Stephen Hawking Gets Superhero Treatment in New Comic
Living legend Stephen Hawking has already achieved superhero status in the eyes of many science geeks, and now his ideas are being honored in comic book form.
"Stephen Hawking: Riddles of Time & Space" (Bluewater) details the life story of the physicist, from his early days at Cambridge and struggles with a body-wrecking disease to his academic achievements and current fame.
Hawking, 71, is widely considered one of the greatest scientific minds since Albert Einstein, and he has greatly enriched our understanding of the universe over the past several decades. His work with fellow cosmologist Roger Penrose helped unite Einstein's general theory of relativity and quantum theory. Hawking also studied black holes, with a groundbreaking theory that the cosmic monsters do actually emit a faint glimmer of radiation. [The 10 Best Time-Traveling Heroes of All Time]
But his life has been marked by physical challenges. At age 21, Hawking was diagnosed with the motor neuron disease called amyotrophic lateral sclerosis (ALS), also known as Lou Gehrig's disease. The disease eventually robbed him of his mobility and later his ability to speak; today, Hawking uses a speech-generating device controlled by the muscles in his cheek.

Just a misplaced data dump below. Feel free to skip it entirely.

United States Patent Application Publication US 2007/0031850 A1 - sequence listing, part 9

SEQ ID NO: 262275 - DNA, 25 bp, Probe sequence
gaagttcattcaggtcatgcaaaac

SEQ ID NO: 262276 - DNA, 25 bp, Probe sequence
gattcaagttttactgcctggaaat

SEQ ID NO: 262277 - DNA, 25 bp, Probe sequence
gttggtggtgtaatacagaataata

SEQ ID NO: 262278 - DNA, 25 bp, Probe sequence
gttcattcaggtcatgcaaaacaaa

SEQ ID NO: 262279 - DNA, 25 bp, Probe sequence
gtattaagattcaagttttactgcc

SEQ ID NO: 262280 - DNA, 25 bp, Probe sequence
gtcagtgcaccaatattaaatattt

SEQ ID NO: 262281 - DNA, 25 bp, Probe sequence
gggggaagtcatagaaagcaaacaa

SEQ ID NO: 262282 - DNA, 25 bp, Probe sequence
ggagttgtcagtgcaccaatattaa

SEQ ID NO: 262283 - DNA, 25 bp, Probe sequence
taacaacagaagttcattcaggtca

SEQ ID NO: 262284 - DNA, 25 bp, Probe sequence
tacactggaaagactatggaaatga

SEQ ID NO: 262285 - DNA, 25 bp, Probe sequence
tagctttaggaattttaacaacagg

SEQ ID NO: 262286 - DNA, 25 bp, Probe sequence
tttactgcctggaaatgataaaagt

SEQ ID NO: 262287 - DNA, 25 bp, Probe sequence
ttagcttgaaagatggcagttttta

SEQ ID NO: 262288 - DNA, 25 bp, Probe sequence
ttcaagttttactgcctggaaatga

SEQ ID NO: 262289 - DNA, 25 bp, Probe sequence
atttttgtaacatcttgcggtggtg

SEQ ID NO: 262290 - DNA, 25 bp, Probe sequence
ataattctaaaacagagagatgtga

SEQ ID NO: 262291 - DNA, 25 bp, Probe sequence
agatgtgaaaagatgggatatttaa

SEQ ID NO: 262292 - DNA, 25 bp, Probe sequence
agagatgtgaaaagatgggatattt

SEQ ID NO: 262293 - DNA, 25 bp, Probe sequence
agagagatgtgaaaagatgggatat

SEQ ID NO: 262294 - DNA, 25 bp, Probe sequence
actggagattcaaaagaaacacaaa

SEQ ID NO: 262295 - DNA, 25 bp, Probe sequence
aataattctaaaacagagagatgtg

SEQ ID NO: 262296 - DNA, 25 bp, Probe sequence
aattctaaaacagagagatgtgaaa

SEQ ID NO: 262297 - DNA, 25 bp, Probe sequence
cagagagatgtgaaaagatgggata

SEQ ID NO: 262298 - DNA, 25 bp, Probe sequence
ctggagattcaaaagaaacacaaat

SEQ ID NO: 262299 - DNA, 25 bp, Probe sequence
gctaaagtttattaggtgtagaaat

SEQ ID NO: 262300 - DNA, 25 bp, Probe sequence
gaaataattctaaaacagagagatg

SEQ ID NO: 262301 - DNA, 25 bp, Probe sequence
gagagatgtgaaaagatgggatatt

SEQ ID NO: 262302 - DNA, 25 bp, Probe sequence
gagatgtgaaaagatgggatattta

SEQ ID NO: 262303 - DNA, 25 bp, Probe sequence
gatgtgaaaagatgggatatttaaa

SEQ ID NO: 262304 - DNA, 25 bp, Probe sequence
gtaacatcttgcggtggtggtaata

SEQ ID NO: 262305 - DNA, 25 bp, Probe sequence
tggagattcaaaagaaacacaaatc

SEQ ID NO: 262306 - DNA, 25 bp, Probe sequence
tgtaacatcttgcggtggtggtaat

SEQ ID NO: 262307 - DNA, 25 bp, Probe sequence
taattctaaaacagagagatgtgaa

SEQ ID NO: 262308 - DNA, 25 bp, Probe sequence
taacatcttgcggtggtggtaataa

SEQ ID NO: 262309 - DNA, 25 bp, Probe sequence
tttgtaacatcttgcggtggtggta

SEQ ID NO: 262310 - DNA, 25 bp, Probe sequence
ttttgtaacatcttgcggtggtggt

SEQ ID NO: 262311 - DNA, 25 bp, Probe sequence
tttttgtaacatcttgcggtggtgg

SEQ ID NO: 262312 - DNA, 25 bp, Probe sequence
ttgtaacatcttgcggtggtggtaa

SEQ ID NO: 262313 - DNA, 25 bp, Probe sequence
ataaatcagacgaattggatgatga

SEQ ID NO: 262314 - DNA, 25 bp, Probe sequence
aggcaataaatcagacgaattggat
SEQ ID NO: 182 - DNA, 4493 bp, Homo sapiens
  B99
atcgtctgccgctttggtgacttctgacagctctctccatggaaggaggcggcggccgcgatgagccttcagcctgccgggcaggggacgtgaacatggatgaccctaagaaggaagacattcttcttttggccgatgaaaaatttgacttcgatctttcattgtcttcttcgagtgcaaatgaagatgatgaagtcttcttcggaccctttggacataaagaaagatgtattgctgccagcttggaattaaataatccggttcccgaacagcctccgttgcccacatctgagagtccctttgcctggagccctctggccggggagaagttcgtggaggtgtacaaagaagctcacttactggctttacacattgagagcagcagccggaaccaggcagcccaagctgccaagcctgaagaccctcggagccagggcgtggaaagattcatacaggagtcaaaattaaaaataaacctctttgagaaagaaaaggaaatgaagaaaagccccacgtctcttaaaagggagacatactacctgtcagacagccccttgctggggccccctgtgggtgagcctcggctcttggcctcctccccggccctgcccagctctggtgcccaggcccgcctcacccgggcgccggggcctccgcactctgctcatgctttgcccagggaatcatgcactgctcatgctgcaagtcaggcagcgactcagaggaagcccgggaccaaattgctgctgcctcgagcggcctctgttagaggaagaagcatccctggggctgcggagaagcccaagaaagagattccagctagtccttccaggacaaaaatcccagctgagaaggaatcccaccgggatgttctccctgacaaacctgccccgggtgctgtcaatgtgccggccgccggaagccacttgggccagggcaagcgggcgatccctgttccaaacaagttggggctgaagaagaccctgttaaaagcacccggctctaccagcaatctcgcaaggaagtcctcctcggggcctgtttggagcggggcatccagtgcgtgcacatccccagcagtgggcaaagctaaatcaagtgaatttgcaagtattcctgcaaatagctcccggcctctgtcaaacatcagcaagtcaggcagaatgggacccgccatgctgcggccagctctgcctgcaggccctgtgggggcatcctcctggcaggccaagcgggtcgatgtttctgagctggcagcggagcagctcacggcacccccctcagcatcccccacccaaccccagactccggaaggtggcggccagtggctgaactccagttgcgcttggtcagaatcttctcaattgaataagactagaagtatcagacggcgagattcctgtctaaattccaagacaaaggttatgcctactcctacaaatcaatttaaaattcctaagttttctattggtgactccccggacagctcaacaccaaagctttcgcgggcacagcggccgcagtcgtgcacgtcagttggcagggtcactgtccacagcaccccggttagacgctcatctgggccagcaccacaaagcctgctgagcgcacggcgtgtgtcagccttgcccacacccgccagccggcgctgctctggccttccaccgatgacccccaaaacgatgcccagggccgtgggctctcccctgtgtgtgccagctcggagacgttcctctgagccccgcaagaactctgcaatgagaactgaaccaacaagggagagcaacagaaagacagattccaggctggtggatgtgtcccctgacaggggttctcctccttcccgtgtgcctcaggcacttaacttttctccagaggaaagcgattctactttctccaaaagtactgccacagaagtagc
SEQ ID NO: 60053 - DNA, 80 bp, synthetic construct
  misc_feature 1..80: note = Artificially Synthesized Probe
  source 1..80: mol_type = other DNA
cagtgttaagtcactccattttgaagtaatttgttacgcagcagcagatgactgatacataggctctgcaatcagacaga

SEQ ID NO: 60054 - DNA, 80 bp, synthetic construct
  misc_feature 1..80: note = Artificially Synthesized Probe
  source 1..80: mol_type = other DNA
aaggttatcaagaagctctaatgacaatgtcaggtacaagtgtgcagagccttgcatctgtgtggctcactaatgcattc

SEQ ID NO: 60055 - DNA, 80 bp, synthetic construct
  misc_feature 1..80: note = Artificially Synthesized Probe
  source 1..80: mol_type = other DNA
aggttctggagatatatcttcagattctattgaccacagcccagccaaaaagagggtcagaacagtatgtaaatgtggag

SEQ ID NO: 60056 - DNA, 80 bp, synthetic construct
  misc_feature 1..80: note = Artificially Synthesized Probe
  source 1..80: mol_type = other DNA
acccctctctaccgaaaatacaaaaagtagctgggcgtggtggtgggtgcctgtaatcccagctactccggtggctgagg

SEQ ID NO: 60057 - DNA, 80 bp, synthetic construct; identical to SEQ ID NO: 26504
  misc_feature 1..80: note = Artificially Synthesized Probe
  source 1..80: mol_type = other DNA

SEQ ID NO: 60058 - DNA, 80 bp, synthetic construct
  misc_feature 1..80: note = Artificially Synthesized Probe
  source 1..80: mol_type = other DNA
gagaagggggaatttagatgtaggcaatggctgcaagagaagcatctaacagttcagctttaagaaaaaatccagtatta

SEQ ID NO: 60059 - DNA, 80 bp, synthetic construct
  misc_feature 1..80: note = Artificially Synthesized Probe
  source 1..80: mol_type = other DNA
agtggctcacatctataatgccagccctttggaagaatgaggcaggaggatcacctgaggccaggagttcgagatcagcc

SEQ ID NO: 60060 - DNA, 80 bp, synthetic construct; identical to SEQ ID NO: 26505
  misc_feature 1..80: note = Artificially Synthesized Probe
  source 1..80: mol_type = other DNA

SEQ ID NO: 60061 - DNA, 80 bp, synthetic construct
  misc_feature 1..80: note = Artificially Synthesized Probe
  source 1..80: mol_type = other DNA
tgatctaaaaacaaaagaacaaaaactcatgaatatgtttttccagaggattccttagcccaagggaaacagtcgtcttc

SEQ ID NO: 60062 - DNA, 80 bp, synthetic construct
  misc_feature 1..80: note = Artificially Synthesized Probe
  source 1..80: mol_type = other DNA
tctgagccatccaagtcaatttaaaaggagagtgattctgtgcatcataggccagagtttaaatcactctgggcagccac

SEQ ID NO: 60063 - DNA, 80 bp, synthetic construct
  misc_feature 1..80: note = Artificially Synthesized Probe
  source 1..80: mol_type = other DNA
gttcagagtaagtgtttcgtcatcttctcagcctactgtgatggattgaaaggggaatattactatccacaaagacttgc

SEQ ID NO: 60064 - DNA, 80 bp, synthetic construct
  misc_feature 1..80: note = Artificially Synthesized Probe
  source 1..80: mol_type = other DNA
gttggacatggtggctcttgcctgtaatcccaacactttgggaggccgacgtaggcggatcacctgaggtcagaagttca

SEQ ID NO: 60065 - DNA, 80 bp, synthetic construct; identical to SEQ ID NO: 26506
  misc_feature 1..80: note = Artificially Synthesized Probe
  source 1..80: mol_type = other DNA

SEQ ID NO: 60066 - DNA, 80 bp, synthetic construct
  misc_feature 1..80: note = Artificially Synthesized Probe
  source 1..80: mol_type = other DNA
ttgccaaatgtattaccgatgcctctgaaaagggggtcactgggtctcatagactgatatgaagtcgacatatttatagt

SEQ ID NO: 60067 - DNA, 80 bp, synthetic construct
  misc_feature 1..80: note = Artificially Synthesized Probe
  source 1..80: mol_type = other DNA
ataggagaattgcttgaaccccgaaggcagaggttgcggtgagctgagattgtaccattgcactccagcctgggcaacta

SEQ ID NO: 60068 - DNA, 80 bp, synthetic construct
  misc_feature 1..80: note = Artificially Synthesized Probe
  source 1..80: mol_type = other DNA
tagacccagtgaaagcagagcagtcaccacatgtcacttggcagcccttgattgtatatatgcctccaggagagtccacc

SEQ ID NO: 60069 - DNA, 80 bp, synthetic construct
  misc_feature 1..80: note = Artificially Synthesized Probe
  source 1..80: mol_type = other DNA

"The very concept of making an engaging comic book where the protagonist is essentially immobile is a pretty tall order, but I think the key to us keeping it exciting was being able to get inside his mind (one of the greatest of our time) and show some of his most abstract concepts in a visual and dynamic way," artist Zach Bassett said in a statement.
One page detailing Hawking's ideas about black holes puts the scientist into conversation with Einstein, picturing him as Michelangelo's Adam reaching out to Einstein as God.
"Additionally, we got several chances to tip our hat to many famous artistic icons of pop culture, as well as famous people that he's met, taken inspiration from or even inspired himself," Bassett added. Hawking has been featured on "Star Trek: The Next Generation," "The Simpsons," "Futurama" and "The Big Bang Theory."
"The most surprising thing about Stephen Hawking is his razor wire wit that is sometimes withering and other times matched with a puckish sense of humor," the comic book's writers, Michael Lent and Brian McCarthy, said in a statement.
The scientist is indeed prone to pithy comments. Lent and McCarthy said their favorite Hawking quote is: "I have noticed that even people who claim everything is predetermined and that we can do nothing to change it, look before they cross the road."
The comic was released on April 21 and is also available as an e-book.
Follow Megan Gannon on Twitter and Google+. Follow us @livescience, Facebook & Google+. Original article on LiveScience.com.
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